12. JPP

    JPP Active Member

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    ...can the average Model S owner keep the acceleration rate (never mind the top speed) within the predicted 'safe driver' range that progressive would want to give you a discount? Like ElSupreme said, better that they don't know how you are driving or they will raise your rates.
     
  13. zdre

    zdre 40kWh Model S P6415

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    Definitely not a good idea for the Model S. The max acceleration is way too much fun not to use at least occasionally.
     
  14. jerry33

    jerry33 S85 - VIN:P05130 - 3/2/13

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    The ODB port provides access to the CAN bus, and maybe the Bean bus as well as the ODBII bus. The standard mandatory emission items are on the ODBII bus but all the interesting bits are on the CAN bus. While ODB readers like the Scanguage II can read the CAN bus, you have to know what signals to send it to get the information. This is different between car manufacturers and car models (even car model years). It took a couple of years for the technically inclined to figure out most of the codes for the 2G Prius (and about four years for the 1G Prius). Once you know the codes, the Scangauge has to be programmed to read them.
     
  15. yobigd20

    yobigd20 Well-Known Member

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    I don't have one (never would agree to something like that), but I'm pretty sure that they *CANNOT* raise your rates from your driving habits. AFAIK that's a common misconception. They should only be used to determine whether or not you quality for a discount. If you don't, your premium stays the same. It should never hurt your rates. That being said, again, I still wouldn't slap one of those on mine.
     
  16. brianman

    brianman Burrito Founder

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    FAQs: Snapshot Discount, Pay As You Drive, Usage-Based Insurance – Progressive
    While all these seem totally rational, (3) sounds like a curfew and (2) will likely seem unfair to some and (1) might actually give regen vehicles an advantage (directly if they monitor the brake pedal vs. using accelerometer, and indirectly because regen tends to make you use heavy braking less IMO).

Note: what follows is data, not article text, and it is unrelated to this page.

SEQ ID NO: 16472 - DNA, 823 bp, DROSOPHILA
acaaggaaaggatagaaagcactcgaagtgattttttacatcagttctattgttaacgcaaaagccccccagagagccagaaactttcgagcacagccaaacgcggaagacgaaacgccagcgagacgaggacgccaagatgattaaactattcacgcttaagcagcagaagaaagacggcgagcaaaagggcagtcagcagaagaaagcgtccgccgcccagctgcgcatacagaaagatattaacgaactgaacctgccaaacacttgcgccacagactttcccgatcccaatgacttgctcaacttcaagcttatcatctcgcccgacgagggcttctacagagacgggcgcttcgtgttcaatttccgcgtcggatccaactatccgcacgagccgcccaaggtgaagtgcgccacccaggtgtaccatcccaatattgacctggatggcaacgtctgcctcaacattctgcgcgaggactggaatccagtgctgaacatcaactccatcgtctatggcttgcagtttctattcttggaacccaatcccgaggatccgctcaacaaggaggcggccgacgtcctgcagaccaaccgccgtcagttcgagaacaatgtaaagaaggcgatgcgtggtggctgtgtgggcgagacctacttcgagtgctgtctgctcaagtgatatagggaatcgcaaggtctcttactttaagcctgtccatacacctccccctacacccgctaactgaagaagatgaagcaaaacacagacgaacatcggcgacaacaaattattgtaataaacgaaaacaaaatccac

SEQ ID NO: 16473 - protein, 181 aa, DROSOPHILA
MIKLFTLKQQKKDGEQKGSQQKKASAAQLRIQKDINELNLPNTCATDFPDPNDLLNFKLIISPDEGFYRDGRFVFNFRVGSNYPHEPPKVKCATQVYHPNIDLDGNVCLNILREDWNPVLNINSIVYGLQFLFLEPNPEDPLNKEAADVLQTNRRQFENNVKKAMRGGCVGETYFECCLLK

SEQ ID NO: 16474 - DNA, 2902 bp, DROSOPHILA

17. raptorweb

    raptorweb Member

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    I can confirm that the progressive snapshot does not work on the S, but because they issued me one prior to them knowing it didn't work I got the full discount.

    The device was unable to track any of my driving so in almost 6 months of it being attached it logged 0 trips but reported home the full time so their systems just saw it as a parked car. Otherwise I did not see any issues created by the device but would guess that similar devices would have the same issues.

    I cant say for sure but my last car was a manual and I seem to remember the device beeping at least once when I was slowing down using a lower gear. They define a hard brake as something like slowing down 6-7mph/s if I remember right, so I would think it is just reading the car's current speed.
     
  18. mnx

    mnx 2013 P85

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    SO a bluetooth OBD reader won't work then? (I had the idea of using one of those with the Torque android app).

    - - - Updated - - -

    Yup, won't work: (found this with a search)
    Warranty/Servicing - official Tesla responses (incl GeorgeB) - Page 59
     
  19. Linux64

    Linux64 Member

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    I came here to say this.